Our long term goal at Portland State Aerospace Society is to put a tiny satellite into orbit. This is very ambitious--there are so many technical, financial, and legal challenges that we may never never get there! However, this goal clarifies our intent and allows us to ask, "Where do we start?"
The answer is that we focus on small, ongoing projects which move us toward our long-term goal. We build everything ourselves from the ground up and our work necessarily touches all aspects of aerospace engineering. Our rockets are in the amateur classification: smaller than commercial but larger than model rockets. We haven't built the biggest or highest-altitude amateur rocket, but we hope we're building one of the most sophisticated.
Outreach is an important part of what we do as an educational project. We've done many presentions at local schools, and all our projects are open source —from CAD drawings to schematic diagrams to our software.
We're looking for anyone who is interested in rocketry or engineering. There are thousands of problems to tackle so contact us or drop in on a meeting and we'll introduce you to the project and let you decide where you want to fit in. Here's a quick blurb for new members.
Avionics are the computer “brains” of the rocket. We're trying to be one of the first amateur groups in the world to build a rocket that is autonomously guided by an on-board computer.
We're working on modular airframe sections to reduce the weight and cost of the rocket while increasing adaptability. Airframe sections are easily swappable, as are the fins and skin. Technically speaking, we're hoping to push our mass fraction up as high as possible—beyond 60% for a single stage vehicle—while still maintaining robustness.
Our current airframe is still heavy, and is being used as a simple test-bed for the avionics. We are now in the beginning stages of designing a next-gen light airframe to start pushing the mass-fraction boundaries.
Propulsion's mission is to develop the hardware for vectored thrust. We are developing a ~50 lbf liquid kerosene and oxygen thruster.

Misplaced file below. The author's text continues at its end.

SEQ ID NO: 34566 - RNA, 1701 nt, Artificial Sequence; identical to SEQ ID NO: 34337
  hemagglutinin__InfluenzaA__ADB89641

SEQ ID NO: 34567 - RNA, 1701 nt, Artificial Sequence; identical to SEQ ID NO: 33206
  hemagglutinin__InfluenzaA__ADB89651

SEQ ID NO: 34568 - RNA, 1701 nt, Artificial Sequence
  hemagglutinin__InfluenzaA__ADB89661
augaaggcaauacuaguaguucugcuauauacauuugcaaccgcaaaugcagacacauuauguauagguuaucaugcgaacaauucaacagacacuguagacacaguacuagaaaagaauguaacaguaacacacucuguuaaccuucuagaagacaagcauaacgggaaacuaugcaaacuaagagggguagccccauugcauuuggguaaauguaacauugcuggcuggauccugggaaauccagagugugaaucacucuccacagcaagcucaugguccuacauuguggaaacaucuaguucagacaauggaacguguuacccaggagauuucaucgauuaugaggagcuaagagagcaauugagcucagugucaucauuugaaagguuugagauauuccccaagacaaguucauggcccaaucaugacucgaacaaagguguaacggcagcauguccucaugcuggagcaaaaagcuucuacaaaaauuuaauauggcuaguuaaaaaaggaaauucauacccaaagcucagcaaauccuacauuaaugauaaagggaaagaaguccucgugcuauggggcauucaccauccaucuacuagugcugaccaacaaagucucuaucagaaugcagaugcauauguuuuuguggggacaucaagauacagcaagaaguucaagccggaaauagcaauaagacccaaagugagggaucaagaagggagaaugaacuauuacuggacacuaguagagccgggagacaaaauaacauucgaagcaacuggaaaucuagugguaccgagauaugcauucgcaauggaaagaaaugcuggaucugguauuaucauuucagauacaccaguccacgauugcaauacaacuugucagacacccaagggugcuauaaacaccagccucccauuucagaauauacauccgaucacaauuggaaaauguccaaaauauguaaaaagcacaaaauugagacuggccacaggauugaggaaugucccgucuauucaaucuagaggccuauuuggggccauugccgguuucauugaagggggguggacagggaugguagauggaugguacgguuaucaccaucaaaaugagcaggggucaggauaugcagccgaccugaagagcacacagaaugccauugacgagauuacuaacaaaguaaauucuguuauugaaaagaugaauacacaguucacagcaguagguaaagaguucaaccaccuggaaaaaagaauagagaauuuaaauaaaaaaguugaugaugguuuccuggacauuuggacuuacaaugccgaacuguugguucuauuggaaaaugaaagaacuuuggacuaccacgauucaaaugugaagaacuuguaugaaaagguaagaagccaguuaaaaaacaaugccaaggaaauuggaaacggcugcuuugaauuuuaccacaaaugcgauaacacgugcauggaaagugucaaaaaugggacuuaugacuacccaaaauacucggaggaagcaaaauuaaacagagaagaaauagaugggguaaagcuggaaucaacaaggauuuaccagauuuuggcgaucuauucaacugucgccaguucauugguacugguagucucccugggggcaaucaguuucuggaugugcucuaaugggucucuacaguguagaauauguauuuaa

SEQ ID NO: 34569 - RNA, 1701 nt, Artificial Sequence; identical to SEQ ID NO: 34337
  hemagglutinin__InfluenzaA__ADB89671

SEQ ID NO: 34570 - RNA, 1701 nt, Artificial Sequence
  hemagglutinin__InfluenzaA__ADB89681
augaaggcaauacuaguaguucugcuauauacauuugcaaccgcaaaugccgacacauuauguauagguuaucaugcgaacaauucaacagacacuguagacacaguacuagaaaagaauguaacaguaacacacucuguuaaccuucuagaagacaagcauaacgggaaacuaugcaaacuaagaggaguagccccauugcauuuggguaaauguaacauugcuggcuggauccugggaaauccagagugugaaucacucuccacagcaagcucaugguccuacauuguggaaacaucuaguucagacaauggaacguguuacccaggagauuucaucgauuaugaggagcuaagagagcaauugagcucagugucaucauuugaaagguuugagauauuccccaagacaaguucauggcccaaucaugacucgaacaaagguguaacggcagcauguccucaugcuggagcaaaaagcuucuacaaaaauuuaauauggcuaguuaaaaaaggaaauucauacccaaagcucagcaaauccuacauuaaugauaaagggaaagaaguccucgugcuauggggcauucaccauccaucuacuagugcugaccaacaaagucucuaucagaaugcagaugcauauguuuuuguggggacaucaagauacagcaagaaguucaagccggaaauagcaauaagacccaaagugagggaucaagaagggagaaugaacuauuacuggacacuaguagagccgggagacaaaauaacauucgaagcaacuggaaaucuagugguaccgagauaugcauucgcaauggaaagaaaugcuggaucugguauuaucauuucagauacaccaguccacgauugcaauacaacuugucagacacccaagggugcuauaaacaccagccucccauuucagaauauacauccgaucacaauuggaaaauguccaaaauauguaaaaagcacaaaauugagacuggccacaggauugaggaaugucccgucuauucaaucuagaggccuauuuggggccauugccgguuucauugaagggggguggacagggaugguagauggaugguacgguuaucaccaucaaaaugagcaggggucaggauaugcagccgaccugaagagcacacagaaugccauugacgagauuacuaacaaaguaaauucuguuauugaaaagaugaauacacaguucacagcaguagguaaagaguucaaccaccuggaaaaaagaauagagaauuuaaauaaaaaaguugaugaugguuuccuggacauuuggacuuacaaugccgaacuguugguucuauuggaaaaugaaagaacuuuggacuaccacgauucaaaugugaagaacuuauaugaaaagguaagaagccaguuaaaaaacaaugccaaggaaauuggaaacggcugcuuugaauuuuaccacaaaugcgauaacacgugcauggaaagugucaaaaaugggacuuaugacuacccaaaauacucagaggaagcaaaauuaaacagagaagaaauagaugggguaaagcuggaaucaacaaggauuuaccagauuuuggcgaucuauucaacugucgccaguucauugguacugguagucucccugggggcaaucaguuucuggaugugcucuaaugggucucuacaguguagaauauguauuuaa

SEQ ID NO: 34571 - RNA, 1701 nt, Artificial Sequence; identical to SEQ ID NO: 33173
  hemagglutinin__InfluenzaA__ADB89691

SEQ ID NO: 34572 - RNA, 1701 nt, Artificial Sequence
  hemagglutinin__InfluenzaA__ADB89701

Since our launch sites and times are dictated by the FAA and the whims of the weather, our ground systems are designed to be as mobile and flexible as possible. The ground systems include the launch tower, launch control module, Communications, Software, and logistical equipment.
We've successfully launched a number complete rocket systems so far:
Launch Vehicle No. 0 (LV0) - 1998
This was our first launch in June of 1998 to 366m (1,200ft). It was our first rocket and a proof of concept for some of our radio systems, including real-time broadcast video. It was a great introduction to amateur rocketry for many of us.
Launch Vehicle No. 1 (LV1) - 1999
LV1 was our next rocket that flew in April of 1999 to 3.6km (12,000ft). It was our proof of concept for several new systems, including a emergency uplink system, inertial sensors, and a more advanced telemetry system.
Launch Vehicle No. 1b (LV1b) - 2000–2
LV 1b used the same airframe as LV1 and flew in October of 2000 to 3.53km (11,600ft). The only change to the vehicle was a major upgrade to the avionics system: we added a GPS, upgraded the flight computer and improved the inertial measurement unit. This was our step towards the the electronics system necessary to do active guidance.
Launch Vehicle No 2 - 2003–present
LV2 is our current generation vehicle. It has a modular design and a robust, redundant, dual deploy system and lots of room for electronics. We have launched this airframe several times. Unfortunately our 2005 launch resulted in a complete loss of the vehicle. Since then we have rebuilt the airframe with a few upgrades and resumed flying in 2009. We continue to innovate, adding a roll control module for our flight in June 2010. We will hopefully re-integrate our earlier full avionics stack and then move on to bigger, lighter airframes and a yet more advanced flight computer before 2011.